Abstract T P402: Acute Microemboli and Clinical Outcome after Subarachnoid Hemorrhage: Magnetic Resonance Diffusion-Weighted Imaging Study
Introduction: Aneurysmal subarachnoid hemorrhage (aSAH) is a life-threatening stroke that can be treated with endovascular coiling. Coiling can be associated with microemboli, although the extent to which they are due to aSAH versus the coiling procedure has seldom been investigated. We investigated the implications of these microemboli on clinical outcome.
Hypothesis: We hypothesized that the presence, number, location and volume of microemboli would correlate with clinical outcome.
Methods: We retrospectively analyzed diffusion-weighted imaging (DWI) scans and apparent diffusion coefficient maps obtained within 7 days of aneurysm rupture in 140 patients. We analyzed the DWI scans of 80 patients with unruptured intracranial aneurysms (UIA) who underwent coiling at our institution as a control group. We assessed the presence and location of microemboli, quantified their volume and number, and correlated these factors with clinical variables and intervention details.
Results: The aSAH and UIA groups did not differ in the presence of microemboli. The location of the lesions significantly correlated with the aneurysm location (p<0.05), suggesting they are catheter-induced and not attributed to early brain injury after aSAH. The presence of microemboli correlated with the development of cerebral infarction. Left-sided microemboli were associated with angiographic vasospasm and anterior microemboli were associated with infarcts.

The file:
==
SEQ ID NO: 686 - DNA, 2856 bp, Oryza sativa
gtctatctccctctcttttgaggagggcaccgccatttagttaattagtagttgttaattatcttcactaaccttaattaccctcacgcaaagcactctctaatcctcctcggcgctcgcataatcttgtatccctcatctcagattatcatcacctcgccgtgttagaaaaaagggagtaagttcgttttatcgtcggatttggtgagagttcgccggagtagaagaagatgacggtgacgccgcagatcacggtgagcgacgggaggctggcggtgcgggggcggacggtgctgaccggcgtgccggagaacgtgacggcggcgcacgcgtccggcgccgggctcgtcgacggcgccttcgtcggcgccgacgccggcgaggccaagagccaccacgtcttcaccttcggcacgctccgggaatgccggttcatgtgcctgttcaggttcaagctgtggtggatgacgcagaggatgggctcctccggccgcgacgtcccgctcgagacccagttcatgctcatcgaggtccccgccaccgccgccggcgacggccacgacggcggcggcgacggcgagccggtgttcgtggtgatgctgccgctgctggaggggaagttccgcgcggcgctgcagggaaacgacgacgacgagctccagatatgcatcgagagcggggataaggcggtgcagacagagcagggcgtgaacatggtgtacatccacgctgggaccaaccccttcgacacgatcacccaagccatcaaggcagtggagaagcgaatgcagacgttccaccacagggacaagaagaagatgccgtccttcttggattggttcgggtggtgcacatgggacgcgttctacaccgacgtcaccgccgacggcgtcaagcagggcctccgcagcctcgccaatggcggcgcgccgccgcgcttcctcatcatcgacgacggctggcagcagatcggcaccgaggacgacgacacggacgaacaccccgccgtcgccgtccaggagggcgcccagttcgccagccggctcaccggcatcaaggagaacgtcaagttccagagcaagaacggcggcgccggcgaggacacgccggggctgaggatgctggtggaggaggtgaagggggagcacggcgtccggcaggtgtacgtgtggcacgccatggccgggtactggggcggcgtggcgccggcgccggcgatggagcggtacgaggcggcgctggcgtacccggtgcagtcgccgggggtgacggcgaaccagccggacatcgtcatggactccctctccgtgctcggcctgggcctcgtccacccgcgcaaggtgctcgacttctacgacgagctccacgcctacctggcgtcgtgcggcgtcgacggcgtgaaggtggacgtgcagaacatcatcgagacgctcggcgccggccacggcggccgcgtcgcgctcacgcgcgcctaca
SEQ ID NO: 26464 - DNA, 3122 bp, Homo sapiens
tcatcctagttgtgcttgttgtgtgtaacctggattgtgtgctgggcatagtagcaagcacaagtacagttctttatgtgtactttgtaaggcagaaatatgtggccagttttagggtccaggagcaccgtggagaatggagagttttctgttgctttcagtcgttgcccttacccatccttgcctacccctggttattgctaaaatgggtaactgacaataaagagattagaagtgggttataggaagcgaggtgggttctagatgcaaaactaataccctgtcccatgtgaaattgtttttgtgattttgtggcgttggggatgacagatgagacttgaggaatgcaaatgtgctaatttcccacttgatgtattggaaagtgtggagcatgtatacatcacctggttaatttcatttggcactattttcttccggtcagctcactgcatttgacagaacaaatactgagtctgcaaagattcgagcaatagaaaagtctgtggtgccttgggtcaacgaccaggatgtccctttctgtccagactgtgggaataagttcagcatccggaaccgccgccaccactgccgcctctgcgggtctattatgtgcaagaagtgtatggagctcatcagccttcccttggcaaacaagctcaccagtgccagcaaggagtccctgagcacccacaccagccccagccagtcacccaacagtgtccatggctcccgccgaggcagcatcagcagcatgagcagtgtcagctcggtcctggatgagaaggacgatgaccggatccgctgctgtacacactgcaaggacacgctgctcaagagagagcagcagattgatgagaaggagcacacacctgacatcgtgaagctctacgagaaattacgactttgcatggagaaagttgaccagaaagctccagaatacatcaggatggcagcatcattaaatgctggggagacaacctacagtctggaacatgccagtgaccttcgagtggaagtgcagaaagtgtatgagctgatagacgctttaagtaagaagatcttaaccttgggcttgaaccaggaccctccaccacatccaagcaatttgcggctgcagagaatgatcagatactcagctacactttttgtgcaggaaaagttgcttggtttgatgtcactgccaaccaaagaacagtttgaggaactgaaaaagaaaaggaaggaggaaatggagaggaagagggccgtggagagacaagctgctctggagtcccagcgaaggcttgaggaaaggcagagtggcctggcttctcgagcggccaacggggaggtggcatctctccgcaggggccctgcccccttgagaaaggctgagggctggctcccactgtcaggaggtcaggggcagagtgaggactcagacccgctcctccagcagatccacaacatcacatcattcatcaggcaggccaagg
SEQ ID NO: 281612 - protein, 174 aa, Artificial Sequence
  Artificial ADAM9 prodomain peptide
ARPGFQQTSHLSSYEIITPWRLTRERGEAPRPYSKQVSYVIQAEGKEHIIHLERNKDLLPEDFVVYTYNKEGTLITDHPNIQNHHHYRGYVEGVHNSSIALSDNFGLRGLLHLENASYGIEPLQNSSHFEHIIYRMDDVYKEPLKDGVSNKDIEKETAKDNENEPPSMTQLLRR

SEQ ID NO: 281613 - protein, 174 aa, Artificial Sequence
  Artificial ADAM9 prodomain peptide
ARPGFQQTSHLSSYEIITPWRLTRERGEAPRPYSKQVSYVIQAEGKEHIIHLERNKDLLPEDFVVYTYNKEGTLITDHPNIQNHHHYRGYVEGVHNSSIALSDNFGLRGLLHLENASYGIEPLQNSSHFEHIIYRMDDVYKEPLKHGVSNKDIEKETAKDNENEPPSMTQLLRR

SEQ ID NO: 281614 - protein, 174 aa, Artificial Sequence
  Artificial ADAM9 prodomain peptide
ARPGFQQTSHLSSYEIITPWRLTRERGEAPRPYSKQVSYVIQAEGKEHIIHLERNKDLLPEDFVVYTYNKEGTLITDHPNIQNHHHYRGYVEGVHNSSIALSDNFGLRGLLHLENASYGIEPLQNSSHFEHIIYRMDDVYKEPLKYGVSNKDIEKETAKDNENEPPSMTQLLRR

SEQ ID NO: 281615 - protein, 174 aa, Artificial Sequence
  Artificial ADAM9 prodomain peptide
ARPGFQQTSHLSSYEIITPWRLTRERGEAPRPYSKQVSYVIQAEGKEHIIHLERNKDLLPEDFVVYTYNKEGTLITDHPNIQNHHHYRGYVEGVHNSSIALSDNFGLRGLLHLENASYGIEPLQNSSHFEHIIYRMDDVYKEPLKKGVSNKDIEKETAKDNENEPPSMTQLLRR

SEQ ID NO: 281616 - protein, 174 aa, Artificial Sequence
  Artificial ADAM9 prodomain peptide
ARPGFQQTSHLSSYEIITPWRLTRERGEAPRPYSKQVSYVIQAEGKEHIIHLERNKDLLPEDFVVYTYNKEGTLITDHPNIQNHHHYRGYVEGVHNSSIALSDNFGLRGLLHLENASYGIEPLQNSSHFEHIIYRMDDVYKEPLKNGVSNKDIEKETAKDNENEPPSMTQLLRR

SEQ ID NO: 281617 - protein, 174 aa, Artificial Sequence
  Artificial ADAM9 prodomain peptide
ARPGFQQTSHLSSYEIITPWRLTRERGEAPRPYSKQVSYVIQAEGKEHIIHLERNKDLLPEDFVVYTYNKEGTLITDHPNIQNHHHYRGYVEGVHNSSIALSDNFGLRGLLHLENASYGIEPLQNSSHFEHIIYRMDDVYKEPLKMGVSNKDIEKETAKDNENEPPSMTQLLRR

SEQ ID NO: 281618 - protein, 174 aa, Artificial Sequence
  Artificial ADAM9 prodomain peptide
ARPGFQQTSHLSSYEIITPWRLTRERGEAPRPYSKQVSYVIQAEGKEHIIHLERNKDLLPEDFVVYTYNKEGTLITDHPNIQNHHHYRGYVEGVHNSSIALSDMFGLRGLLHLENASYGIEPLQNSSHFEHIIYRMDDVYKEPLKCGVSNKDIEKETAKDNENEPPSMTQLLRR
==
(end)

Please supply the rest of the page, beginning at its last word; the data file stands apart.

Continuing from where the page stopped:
Conclusions: Microemboli commonly occur in coiled aSAH patients and have implications on clinical outcome. They are secondary to the coiling procedure and were not increased by presence of aSAH. Catheter-induced microemboli may initiate an early ischemic burden that contributes to angiographic vasospasm and cerebral infarction. That left-sided microemboli contribute to angiographic vasospasm is consistent with prior studies suggesting a left-sided approach significantly contributes to procedure-related microembolism. This suggests that improvements in endovascular practices are required to lower the risk of ischemic damage, especially when employing a left-sided approach.
Author Disclosures: A. Mansur: None. A. Manoel: None. M. Bonares: None. R. Macdonald: None. T.A. Schweizer: None.
- © 2015 by American Heart Association, Inc.